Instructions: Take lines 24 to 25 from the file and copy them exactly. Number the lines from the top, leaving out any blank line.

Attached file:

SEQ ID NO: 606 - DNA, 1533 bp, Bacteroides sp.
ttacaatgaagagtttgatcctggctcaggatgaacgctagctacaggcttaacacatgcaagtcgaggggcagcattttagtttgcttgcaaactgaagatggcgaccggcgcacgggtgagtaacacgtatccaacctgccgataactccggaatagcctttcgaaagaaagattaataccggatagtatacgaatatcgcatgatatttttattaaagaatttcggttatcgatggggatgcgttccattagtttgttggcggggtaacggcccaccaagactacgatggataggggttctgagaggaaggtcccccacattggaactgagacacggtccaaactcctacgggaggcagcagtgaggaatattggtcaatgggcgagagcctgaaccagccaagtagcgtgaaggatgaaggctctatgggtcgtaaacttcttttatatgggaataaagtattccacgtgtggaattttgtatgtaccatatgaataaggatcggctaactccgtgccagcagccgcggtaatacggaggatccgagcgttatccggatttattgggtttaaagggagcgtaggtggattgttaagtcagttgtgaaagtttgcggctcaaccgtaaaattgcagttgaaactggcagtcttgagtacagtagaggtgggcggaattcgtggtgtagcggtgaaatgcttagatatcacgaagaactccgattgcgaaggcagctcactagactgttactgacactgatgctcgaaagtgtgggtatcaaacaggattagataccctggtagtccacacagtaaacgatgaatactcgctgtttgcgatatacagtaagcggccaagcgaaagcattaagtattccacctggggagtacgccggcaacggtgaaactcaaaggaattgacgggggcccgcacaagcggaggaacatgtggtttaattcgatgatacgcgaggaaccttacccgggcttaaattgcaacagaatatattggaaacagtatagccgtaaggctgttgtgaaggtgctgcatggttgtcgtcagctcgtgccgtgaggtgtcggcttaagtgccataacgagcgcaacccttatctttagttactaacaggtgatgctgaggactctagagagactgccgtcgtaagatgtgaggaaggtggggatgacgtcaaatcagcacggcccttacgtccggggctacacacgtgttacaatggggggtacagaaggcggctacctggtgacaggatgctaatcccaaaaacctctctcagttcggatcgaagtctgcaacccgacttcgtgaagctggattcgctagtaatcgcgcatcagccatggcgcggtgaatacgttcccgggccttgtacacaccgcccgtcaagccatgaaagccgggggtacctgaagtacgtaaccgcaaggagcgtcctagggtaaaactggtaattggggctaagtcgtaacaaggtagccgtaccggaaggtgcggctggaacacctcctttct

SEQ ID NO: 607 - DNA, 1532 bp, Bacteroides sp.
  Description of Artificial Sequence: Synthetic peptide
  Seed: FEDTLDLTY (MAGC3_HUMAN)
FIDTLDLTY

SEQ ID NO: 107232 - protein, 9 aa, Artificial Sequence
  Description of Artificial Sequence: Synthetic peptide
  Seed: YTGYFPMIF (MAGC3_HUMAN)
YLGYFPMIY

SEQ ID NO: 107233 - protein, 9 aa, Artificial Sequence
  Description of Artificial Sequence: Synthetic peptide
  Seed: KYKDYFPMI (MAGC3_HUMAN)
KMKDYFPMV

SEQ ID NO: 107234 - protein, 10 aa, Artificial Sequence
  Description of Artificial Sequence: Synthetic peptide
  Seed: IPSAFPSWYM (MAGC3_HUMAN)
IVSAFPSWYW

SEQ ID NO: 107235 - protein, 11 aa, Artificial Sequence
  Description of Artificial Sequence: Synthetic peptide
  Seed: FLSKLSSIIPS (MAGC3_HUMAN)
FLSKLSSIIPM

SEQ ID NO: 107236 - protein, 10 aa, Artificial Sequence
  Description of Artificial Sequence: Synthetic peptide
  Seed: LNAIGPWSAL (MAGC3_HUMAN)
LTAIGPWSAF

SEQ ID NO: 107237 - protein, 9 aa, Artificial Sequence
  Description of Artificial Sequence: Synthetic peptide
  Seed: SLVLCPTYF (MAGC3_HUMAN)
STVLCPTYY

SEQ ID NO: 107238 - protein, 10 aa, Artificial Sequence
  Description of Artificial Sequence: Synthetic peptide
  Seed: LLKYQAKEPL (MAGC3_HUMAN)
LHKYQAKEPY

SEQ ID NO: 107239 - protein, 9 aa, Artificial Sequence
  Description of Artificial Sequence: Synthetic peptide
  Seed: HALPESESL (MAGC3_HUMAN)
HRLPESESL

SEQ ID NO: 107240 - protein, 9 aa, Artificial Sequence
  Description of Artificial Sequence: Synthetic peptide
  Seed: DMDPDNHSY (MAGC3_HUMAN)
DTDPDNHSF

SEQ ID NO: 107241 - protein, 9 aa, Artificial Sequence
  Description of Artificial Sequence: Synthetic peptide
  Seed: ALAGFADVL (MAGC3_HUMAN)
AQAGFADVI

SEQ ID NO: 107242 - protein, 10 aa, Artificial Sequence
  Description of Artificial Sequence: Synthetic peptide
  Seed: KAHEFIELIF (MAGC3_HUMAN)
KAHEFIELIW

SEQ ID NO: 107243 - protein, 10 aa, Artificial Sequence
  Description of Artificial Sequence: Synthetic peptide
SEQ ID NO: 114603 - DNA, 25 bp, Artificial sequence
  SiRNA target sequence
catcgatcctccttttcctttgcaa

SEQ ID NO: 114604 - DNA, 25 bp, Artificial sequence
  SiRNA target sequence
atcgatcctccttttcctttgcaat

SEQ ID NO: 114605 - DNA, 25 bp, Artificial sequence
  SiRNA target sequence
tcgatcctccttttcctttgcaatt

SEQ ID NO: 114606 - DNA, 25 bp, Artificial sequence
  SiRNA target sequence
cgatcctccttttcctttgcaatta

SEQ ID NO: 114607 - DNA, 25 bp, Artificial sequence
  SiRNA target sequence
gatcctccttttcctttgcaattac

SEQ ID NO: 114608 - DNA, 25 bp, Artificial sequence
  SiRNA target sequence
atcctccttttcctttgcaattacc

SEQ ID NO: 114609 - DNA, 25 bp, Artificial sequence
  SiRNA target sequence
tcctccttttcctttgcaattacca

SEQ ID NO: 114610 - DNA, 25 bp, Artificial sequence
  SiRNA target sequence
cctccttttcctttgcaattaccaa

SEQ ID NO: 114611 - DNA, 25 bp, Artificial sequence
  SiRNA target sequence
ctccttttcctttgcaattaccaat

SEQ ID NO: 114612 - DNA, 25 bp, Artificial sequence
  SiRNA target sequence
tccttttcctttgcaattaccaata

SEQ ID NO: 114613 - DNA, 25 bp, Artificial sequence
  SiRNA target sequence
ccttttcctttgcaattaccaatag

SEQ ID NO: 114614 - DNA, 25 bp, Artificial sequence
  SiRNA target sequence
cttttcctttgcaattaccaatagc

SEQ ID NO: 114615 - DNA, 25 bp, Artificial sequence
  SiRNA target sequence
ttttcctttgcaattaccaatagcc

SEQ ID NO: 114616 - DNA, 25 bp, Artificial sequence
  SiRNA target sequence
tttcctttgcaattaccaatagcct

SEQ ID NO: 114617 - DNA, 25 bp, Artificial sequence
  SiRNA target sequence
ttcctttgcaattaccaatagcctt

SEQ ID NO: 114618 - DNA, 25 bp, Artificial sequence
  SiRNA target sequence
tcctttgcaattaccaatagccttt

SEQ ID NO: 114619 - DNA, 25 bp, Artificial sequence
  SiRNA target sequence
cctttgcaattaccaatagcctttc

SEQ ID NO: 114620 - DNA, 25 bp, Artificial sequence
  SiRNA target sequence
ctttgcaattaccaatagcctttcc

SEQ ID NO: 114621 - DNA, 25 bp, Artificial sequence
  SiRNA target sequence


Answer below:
  Description of Artificial Sequence: Synthetic peptide
  Seed: LNAIGPWSAL (MAGC3_HUMAN)